Often, a change in political administrations produces a change in interpretation of the anti-trust laws. Liberals see every act of large corporations as detrimental to the interests of the “working man” (what do politicians know about “working”) and, hence, seek to utilize an expansive enforcement of the anti-trust laws to control the corporations. Conservatives, not being so paranoid, favor a more limited application of the anti-trust laws.
May 26, 2009 - A jury has ruled that Microsoft must pay $200 million to Canadian software company i4i as a "reasonable royalty" for infringing i4i's U.S. patent 5,787,449.
Toshiba Files Patent Infringement Lawsuit against Imation, Several Others over Recordable DVD Patents
May 14, 2009 - Japanese company Toshiba Corp. has filed suit in the U.S. District Court for the Western District of Wisconsin against Imation and several other manufacturers and distributors of recordable DVDs.
Recently, we wrote about a shrinking judgment. Today, we are writing about one which grew. Paice LLC v. Toyota Motor Corp.
The economy must be in really bad shape, as it appears we have reached a point where the lawyers are reduced to suing each other (Waggoner v. Chadbourne & Parke). In this case, a California attorney sued a New York law firm, in California, on behalf of a Texas client. The lawsuit alleges that the (New York) law firm charged its (Texan) client more for online legal research – such as Westlaw and LexisNexis – than the law firm actually paid, thus earning a secret profit. The Texan allegedly paid about $20,000 for services that cost the law firm about $5,000.
May 11, 2009 - Cell phone manufacturer Fractus S.A., of Barcelona, Spain, has filed a patent infringement lawsuit in the Eastern District of Texas against 10 cell phone manufacturers.
May 11, 2009 - i2 recently filed suit against Oracle Corp. alleging patent infringement of 11 or i2's patents related to supply chain management and other enterprise software applications.
As unlikely as it may seem, some misguided individuals actually hold lawyers in low esteem. Indeed, they exhibit a great deal of unreasoned antipathy towards lawyers. So, in keeping with our goal of trying to attract as many readers as possible – however ridiculous their beliefs – we report on the case of Ecast Inc. v. Morrison & Foerster LLP, wherein the defendants are lawyers. Yes, rejoice all you benighted clods, someone sued lawyers, alleging malpractice and breach of fiduciary duty.
by Alexander Poltorak - Mr. Grove was recently quoted in the article by Jonathan Thaw and Susan Decker, “Grove Says Patent System May Have Same Flaws as Derivatives” (Bloomberg.com, May 4 2009). With all due respect to Mr. Grove, he simply doesn’t understand the meaning of, and the underlying motivation for, patents.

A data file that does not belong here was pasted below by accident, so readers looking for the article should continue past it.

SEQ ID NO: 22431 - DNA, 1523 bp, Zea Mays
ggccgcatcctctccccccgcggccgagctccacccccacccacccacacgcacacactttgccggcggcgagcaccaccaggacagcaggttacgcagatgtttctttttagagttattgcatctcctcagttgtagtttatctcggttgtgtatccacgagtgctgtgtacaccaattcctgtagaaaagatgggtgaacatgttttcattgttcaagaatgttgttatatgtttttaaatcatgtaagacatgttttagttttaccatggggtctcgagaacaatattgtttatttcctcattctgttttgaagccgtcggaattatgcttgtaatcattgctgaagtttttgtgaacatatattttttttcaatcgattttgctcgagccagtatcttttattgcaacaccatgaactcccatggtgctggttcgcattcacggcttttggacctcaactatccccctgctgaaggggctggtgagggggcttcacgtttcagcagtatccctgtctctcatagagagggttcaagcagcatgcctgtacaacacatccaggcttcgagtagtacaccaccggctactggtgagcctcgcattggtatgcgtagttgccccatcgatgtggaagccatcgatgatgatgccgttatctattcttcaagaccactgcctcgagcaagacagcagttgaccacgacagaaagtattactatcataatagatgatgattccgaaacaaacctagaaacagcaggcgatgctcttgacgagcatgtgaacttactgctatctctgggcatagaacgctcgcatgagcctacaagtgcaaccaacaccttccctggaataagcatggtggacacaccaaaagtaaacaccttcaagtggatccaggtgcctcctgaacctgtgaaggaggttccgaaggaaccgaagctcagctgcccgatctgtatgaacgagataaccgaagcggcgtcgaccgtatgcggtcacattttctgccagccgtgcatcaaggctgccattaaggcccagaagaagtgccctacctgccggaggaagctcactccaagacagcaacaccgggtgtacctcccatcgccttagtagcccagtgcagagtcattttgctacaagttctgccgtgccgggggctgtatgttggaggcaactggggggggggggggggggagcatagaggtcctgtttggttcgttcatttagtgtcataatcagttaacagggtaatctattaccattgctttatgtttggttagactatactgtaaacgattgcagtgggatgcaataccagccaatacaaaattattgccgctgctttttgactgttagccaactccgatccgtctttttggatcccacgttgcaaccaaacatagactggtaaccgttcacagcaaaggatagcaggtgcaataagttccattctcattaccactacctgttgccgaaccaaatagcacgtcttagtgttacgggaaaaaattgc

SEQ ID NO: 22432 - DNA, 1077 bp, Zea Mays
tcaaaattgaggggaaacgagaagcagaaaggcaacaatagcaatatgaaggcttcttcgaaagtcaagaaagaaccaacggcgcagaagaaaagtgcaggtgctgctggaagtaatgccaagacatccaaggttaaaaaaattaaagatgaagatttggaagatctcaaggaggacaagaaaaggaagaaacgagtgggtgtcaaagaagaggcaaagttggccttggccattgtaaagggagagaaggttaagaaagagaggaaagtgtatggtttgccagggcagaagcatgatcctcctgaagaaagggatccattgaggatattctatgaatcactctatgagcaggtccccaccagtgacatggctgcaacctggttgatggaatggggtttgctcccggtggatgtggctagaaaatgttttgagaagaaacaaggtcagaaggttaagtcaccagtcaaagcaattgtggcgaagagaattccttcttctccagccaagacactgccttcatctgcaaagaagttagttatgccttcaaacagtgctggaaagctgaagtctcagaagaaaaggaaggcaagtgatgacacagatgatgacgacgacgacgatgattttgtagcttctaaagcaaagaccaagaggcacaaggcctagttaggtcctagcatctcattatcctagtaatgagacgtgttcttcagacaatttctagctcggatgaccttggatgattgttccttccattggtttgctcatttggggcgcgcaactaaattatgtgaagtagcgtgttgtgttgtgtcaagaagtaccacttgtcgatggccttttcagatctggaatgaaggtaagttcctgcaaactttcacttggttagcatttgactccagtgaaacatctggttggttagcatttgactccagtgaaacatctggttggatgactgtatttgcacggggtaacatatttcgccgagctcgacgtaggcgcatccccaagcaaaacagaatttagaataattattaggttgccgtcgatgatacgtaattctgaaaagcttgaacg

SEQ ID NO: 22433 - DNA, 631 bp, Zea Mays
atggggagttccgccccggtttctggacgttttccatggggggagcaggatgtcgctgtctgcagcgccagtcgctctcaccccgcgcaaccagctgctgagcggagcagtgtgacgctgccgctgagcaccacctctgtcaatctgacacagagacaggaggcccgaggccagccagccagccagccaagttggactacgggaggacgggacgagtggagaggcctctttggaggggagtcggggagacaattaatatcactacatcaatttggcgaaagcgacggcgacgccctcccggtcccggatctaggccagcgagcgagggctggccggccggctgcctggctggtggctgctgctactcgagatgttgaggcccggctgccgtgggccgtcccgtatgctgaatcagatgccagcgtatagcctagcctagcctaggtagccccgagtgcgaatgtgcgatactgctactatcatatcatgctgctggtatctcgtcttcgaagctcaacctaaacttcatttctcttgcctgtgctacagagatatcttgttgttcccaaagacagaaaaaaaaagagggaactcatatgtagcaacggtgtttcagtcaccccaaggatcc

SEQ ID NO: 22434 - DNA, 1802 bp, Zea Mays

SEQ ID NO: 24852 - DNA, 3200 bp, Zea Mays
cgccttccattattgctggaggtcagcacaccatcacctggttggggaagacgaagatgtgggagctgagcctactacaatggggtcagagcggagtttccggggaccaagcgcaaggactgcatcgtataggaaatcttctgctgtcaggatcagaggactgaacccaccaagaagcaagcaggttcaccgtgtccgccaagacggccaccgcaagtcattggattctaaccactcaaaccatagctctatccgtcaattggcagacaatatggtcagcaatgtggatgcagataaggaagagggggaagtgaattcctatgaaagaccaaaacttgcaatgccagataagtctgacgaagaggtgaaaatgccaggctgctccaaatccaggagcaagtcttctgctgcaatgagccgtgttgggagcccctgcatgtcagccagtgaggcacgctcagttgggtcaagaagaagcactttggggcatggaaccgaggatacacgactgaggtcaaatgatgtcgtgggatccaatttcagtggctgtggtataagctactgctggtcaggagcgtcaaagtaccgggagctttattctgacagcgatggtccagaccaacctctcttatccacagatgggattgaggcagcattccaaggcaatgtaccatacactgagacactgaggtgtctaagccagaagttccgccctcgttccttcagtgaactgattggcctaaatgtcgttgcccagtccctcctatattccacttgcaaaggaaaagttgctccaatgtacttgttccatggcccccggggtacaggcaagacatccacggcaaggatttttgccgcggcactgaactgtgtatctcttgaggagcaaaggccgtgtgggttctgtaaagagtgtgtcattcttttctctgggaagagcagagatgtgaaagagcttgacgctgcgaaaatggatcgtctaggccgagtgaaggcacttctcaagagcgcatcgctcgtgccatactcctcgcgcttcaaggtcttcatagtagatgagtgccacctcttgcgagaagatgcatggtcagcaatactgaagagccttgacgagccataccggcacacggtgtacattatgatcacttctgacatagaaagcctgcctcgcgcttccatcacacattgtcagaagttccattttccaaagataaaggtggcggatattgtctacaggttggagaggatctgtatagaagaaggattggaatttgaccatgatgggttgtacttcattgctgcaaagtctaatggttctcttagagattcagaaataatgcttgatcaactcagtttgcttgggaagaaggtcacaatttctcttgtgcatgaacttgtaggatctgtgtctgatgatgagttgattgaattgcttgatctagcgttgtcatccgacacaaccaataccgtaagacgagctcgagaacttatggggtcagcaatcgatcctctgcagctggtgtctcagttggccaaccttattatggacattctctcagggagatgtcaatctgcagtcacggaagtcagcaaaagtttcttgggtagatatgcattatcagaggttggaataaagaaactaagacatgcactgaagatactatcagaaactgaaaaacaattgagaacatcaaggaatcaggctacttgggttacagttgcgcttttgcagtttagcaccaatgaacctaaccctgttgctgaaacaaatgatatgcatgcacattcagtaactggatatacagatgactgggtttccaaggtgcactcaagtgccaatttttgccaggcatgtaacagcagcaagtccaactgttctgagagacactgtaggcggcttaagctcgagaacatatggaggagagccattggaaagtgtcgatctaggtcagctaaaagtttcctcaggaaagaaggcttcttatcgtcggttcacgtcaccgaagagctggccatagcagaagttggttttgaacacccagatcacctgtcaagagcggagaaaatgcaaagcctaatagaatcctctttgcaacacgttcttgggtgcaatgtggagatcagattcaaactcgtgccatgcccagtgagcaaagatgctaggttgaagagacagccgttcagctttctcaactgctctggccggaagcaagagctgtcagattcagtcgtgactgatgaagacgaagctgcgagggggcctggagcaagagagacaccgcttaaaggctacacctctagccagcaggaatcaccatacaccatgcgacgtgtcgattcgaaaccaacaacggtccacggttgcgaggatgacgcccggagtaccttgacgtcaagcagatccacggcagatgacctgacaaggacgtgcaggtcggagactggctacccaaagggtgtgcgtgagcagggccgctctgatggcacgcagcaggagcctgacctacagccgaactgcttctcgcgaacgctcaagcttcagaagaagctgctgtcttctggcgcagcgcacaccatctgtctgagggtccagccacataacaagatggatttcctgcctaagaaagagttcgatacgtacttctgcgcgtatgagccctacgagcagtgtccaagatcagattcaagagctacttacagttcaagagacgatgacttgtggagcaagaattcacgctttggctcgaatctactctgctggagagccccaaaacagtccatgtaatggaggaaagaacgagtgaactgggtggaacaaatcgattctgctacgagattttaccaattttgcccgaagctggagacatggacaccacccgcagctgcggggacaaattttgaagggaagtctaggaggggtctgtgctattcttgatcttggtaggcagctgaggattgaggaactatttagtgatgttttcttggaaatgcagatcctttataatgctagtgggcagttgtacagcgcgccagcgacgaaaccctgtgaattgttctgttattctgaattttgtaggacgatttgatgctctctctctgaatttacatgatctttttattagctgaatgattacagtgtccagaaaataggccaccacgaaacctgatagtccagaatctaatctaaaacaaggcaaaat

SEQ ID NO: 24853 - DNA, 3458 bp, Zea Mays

General Patent CEO Alex Poltorak on Protecting the Interest of American Inventors
(Published in Washington Watch)
(NAPSI)-Recycling a piece of failed legislation is not the best way to protect American inventors or spur innovation. That's the opinion of many who think that the Patent Reform Act of 2009, recently introduced in the Congress in an attempt to change the U.S. patent law, is just a warmed-over version of a proposed policy package that didn't pass the first time it was introduced in 2007.
As a refreshing change of topic, let’s turn our attention to trademarks. The T.T.A.B. (the Trademark Trial and Appeal Board – the Trademark Office internal appellate body) recently addressed a “question of first impression” (sounds impressive, doesn’t it?), namely whether fraud as to one class of a multiple class registration subjects the entire registration subject to cancellation. G&W Laboratories, Inc. v. GW Pharma Limited
Suffern, NY, May 5, 2009 − General Patent Corporation (GPC), the leading patent licensing and patent enforcement firm, announced today on behalf of its client, Digital Technology Licensing LLC (DTL), that it has licensed DTL's patent to Plantronics, Inc. (NYSE: PLT) and Sennheiser Communications A/S of Denmark.
The costs of IP litigation are astronomical – and rising. Ever the spin doctors, some law firms see this as an opportunity. They emphasize the conventional ways in which IP litigants can seek to control costs:
(1) find attorneys with lower hourly billing rates;
(2) keep legal teams small to minimize (billable) time devoted to intra-team communications;
(3) avoid litigating in so-called “rocket dockets” where compressed case schedules necessitate larger litigation teams;
(4) develop case strategy early and do not allow diversion;